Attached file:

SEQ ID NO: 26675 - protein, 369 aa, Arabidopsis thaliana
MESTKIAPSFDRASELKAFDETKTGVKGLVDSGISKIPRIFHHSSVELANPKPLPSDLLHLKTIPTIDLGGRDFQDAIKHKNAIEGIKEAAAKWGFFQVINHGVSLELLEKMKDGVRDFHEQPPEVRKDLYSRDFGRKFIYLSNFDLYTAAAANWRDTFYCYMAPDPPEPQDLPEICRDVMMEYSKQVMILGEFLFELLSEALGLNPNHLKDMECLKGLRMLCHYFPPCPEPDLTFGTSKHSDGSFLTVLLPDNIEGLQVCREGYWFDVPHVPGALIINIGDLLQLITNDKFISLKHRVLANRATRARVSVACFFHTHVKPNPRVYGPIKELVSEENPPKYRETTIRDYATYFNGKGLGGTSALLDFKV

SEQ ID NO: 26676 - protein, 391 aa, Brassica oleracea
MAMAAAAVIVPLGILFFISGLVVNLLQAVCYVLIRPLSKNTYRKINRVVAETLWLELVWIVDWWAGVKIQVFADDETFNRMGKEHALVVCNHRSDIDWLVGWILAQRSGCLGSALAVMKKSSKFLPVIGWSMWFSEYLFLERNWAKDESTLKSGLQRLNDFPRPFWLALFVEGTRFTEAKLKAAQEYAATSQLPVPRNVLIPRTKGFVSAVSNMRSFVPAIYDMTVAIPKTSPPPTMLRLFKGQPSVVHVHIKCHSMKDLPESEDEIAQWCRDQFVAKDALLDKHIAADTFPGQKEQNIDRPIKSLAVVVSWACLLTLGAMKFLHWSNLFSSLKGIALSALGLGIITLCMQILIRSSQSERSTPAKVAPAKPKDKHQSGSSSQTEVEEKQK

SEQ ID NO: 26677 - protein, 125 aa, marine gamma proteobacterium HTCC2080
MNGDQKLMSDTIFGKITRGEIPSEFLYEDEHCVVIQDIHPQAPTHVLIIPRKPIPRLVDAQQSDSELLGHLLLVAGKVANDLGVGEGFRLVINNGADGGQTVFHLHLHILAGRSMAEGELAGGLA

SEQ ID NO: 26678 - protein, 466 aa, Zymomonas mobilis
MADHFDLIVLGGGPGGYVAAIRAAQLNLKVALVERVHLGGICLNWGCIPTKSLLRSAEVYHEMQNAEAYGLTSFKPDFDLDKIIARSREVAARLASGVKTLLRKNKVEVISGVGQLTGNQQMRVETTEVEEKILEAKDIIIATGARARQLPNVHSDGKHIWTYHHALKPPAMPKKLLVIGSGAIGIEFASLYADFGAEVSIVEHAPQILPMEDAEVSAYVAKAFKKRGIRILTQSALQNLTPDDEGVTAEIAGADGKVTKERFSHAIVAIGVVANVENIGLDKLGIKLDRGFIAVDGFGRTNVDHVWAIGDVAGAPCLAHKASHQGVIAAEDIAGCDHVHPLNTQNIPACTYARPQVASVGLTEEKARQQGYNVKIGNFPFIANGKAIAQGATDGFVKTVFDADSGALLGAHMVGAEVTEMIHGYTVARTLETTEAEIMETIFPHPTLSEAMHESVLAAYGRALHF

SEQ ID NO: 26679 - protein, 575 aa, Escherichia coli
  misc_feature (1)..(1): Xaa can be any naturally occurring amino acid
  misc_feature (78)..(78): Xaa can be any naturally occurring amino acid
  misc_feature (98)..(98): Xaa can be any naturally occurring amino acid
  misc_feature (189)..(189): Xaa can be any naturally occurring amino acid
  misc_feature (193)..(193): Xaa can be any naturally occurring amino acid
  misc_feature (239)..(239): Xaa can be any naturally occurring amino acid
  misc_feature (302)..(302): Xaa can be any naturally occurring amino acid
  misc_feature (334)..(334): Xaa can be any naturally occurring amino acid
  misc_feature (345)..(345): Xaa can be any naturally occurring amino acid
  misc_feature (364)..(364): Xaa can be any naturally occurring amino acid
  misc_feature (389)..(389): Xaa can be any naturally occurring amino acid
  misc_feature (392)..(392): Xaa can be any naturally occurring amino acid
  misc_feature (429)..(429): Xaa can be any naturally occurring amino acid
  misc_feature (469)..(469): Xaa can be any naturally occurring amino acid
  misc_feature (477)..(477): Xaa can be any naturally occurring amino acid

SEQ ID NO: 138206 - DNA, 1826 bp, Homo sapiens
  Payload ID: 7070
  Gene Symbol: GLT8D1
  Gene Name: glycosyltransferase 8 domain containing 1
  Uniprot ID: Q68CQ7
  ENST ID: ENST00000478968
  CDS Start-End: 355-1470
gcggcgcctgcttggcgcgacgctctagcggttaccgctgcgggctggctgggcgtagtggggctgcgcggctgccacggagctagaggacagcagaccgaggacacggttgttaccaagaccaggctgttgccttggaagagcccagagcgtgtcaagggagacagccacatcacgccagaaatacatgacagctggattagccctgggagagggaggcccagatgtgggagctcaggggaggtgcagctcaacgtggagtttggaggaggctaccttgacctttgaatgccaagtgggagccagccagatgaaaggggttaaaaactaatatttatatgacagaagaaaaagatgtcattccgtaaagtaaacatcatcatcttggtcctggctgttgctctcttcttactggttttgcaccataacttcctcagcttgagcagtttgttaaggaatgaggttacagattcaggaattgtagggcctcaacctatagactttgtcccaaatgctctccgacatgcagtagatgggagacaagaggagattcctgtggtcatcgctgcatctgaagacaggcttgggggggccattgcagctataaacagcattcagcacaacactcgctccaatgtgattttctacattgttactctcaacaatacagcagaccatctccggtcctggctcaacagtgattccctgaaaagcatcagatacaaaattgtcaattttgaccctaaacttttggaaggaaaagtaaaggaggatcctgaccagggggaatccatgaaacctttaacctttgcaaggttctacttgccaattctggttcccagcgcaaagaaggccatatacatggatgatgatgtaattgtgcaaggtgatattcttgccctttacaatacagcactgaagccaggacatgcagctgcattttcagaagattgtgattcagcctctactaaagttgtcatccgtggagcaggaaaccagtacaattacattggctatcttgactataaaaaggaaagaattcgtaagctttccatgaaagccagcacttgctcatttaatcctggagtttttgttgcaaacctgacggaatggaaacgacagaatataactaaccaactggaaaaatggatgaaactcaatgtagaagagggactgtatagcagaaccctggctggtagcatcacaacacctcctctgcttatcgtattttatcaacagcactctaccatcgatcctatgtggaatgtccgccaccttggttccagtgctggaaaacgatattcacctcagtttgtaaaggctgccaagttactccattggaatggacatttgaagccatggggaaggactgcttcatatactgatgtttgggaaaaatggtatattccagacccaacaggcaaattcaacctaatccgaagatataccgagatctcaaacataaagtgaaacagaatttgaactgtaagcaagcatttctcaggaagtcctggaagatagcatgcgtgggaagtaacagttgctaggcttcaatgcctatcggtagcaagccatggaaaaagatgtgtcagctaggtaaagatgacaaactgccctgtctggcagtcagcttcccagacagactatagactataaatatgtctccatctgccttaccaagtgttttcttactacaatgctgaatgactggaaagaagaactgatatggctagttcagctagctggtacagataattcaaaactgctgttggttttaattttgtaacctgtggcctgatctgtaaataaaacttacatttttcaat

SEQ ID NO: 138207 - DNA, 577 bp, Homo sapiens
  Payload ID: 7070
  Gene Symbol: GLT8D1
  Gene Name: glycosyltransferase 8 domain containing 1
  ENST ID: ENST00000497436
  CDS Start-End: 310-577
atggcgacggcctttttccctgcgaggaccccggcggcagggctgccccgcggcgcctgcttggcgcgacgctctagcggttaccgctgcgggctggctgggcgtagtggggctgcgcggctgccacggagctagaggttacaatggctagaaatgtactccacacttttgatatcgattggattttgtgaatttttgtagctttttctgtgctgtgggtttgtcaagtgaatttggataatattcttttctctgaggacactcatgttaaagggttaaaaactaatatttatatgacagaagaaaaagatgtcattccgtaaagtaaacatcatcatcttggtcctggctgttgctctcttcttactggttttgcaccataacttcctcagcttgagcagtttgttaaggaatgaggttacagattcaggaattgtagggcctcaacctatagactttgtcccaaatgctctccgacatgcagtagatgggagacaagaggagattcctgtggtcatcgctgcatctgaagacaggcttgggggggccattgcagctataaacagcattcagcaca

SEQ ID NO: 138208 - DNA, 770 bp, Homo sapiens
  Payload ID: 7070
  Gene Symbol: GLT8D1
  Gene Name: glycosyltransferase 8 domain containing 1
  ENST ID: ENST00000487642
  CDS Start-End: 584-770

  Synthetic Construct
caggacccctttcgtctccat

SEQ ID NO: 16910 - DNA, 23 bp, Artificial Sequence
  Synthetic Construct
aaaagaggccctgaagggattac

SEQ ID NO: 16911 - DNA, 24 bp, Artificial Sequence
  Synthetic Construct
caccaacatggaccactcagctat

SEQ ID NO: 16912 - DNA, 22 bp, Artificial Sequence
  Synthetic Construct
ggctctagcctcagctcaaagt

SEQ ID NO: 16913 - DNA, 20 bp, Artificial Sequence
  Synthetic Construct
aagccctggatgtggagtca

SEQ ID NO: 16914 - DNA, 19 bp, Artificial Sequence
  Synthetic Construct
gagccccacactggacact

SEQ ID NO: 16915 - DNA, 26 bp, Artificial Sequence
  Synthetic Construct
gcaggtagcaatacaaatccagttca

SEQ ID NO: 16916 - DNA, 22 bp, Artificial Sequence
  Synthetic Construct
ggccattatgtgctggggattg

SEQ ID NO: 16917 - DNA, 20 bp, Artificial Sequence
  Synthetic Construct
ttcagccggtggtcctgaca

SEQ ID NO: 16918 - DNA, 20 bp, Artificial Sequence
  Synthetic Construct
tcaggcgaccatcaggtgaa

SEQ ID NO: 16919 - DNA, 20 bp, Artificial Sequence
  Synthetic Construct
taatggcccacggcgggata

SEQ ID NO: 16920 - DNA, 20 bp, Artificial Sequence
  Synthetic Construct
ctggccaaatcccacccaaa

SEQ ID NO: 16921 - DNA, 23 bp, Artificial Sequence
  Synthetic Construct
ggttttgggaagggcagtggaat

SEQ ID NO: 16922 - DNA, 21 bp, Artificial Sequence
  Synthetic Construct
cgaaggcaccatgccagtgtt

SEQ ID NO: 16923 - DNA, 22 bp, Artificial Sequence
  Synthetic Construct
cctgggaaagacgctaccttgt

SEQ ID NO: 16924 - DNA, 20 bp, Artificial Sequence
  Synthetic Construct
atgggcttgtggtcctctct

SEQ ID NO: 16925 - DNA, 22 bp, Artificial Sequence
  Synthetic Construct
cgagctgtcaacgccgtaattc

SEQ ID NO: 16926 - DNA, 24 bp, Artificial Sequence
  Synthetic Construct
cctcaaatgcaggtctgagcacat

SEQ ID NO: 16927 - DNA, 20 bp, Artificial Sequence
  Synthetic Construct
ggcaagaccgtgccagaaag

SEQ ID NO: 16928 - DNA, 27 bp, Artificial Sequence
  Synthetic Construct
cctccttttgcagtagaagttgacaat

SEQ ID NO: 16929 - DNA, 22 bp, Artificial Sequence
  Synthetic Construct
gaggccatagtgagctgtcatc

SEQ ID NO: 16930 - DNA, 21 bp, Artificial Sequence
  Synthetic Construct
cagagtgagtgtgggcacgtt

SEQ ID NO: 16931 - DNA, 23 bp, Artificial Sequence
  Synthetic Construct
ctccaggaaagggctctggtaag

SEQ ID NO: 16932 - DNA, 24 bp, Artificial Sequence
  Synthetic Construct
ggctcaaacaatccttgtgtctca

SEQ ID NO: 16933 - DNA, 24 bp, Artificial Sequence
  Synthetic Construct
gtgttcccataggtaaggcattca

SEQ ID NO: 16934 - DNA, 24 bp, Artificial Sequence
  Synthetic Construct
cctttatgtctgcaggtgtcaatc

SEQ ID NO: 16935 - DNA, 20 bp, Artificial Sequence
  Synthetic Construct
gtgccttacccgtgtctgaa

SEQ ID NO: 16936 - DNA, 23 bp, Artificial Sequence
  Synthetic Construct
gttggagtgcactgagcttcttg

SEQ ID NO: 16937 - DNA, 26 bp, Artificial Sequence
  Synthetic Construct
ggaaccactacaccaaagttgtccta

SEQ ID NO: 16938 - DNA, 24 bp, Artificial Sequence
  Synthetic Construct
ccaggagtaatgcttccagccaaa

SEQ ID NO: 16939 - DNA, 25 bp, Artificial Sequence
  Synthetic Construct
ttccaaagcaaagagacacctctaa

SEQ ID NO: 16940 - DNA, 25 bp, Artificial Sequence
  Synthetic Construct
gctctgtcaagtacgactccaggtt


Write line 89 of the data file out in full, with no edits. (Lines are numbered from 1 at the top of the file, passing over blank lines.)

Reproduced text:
cctgggaaagacgctaccttgt